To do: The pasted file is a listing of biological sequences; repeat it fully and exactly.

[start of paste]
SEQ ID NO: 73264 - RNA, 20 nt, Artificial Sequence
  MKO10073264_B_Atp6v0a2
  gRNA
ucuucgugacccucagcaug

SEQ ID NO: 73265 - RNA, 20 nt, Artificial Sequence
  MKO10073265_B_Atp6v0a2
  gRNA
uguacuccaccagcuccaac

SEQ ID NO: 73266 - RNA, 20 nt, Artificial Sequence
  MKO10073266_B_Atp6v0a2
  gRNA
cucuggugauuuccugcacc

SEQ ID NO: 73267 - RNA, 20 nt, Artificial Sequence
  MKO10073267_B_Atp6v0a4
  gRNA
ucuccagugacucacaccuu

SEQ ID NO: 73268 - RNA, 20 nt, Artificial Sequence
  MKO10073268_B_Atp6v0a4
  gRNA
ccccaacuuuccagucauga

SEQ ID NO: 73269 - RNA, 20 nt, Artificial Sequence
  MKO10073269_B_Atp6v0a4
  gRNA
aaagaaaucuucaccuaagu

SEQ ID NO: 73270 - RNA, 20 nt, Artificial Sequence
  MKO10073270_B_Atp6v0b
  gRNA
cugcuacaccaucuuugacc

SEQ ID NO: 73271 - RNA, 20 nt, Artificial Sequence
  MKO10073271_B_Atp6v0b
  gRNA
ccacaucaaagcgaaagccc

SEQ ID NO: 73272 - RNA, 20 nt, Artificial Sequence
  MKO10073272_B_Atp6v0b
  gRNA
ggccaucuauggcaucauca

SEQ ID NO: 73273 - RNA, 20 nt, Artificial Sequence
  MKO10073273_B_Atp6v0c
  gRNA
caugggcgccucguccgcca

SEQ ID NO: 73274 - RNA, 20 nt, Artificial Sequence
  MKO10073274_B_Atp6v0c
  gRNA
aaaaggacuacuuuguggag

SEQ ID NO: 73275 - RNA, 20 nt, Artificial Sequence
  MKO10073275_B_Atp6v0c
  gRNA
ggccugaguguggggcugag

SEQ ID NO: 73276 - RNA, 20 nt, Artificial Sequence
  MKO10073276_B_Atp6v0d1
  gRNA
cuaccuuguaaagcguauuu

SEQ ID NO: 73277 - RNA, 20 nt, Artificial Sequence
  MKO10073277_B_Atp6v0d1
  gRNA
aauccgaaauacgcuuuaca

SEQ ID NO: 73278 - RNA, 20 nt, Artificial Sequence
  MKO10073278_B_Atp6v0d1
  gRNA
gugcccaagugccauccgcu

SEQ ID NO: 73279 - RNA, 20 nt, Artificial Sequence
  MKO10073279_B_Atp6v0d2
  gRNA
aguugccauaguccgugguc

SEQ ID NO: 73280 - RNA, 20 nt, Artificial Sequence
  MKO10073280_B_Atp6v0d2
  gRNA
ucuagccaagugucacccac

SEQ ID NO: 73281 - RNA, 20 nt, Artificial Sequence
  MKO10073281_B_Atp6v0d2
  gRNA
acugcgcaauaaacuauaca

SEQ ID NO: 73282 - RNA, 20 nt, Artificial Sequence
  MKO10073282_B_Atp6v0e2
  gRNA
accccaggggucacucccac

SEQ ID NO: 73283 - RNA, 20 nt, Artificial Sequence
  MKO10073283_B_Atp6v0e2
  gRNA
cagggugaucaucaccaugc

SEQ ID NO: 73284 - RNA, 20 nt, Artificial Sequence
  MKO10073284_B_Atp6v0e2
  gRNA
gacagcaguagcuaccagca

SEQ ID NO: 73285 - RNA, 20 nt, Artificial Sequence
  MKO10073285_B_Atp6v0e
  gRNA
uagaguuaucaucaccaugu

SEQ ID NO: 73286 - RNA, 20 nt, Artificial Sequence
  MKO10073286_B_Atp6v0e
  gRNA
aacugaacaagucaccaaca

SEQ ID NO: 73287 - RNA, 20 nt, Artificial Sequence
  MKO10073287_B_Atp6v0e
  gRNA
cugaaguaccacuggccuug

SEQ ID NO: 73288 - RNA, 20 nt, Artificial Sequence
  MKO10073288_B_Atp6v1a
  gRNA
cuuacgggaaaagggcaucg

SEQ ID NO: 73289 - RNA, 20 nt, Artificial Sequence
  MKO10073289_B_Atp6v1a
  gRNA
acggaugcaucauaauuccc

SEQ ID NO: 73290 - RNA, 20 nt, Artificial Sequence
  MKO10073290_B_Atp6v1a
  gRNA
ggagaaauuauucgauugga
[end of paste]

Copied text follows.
SEQ ID NO: 73264 - RNA, 20 nt, Artificial Sequence
  MKO10073264_B_Atp6v0a2
  gRNA
ucuucgugacccucagcaug

SEQ ID NO: 73265 - RNA, 20 nt, Artificial Sequence
  MKO10073265_B_Atp6v0a2
  gRNA
uguacuccaccagcuccaac

SEQ ID NO: 73266 - RNA, 20 nt, Artificial Sequence
  MKO10073266_B_Atp6v0a2
  gRNA
cucuggugauuuccugcacc

SEQ ID NO: 73267 - RNA, 20 nt, Artificial Sequence
  MKO10073267_B_Atp6v0a4
  gRNA
ucuccagugacucacaccuu

SEQ ID NO: 73268 - RNA, 20 nt, Artificial Sequence
  MKO10073268_B_Atp6v0a4
  gRNA
ccccaacuuuccagucauga

SEQ ID NO: 73269 - RNA, 20 nt, Artificial Sequence
  MKO10073269_B_Atp6v0a4
  gRNA
aaagaaaucuucaccuaagu

SEQ ID NO: 73270 - RNA, 20 nt, Artificial Sequence
  MKO10073270_B_Atp6v0b
  gRNA
cugcuacaccaucuuugacc

SEQ ID NO: 73271 - RNA, 20 nt, Artificial Sequence
  MKO10073271_B_Atp6v0b
  gRNA
ccacaucaaagcgaaagccc

SEQ ID NO: 73272 - RNA, 20 nt, Artificial Sequence
  MKO10073272_B_Atp6v0b
  gRNA
ggccaucuauggcaucauca

SEQ ID NO: 73273 - RNA, 20 nt, Artificial Sequence
  MKO10073273_B_Atp6v0c
  gRNA
caugggcgccucguccgcca

SEQ ID NO: 73274 - RNA, 20 nt, Artificial Sequence
  MKO10073274_B_Atp6v0c
  gRNA
aaaaggacuacuuuguggag

SEQ ID NO: 73275 - RNA, 20 nt, Artificial Sequence
  MKO10073275_B_Atp6v0c
  gRNA
ggccugaguguggggcugag

SEQ ID NO: 73276 - RNA, 20 nt, Artificial Sequence
  MKO10073276_B_Atp6v0d1
  gRNA
cuaccuuguaaagcguauuu

SEQ ID NO: 73277 - RNA, 20 nt, Artificial Sequence
  MKO10073277_B_Atp6v0d1
  gRNA
aauccgaaauacgcuuuaca

SEQ ID NO: 73278 - RNA, 20 nt, Artificial Sequence
  MKO10073278_B_Atp6v0d1
  gRNA
gugcccaagugccauccgcu

SEQ ID NO: 73279 - RNA, 20 nt, Artificial Sequence
  MKO10073279_B_Atp6v0d2
  gRNA
aguugccauaguccgugguc

SEQ ID NO: 73280 - RNA, 20 nt, Artificial Sequence
  MKO10073280_B_Atp6v0d2
  gRNA
ucuagccaagugucacccac

SEQ ID NO: 73281 - RNA, 20 nt, Artificial Sequence
  MKO10073281_B_Atp6v0d2
  gRNA
acugcgcaauaaacuauaca

SEQ ID NO: 73282 - RNA, 20 nt, Artificial Sequence
  MKO10073282_B_Atp6v0e2
  gRNA
accccaggggucacucccac

SEQ ID NO: 73283 - RNA, 20 nt, Artificial Sequence
  MKO10073283_B_Atp6v0e2
  gRNA
cagggugaucaucaccaugc

SEQ ID NO: 73284 - RNA, 20 nt, Artificial Sequence
  MKO10073284_B_Atp6v0e2
  gRNA
gacagcaguagcuaccagca

SEQ ID NO: 73285 - RNA, 20 nt, Artificial Sequence
  MKO10073285_B_Atp6v0e
  gRNA
uagaguuaucaucaccaugu

SEQ ID NO: 73286 - RNA, 20 nt, Artificial Sequence
  MKO10073286_B_Atp6v0e
  gRNA
aacugaacaagucaccaaca

SEQ ID NO: 73287 - RNA, 20 nt, Artificial Sequence
  MKO10073287_B_Atp6v0e
  gRNA
cugaaguaccacuggccuug

SEQ ID NO: 73288 - RNA, 20 nt, Artificial Sequence
  MKO10073288_B_Atp6v1a
  gRNA
cuuacgggaaaagggcaucg

SEQ ID NO: 73289 - RNA, 20 nt, Artificial Sequence
  MKO10073289_B_Atp6v1a
  gRNA
acggaugcaucauaauuccc

SEQ ID NO: 73290 - RNA, 20 nt, Artificial Sequence
  MKO10073290_B_Atp6v1a
  gRNA
ggagaaauuauucgauugga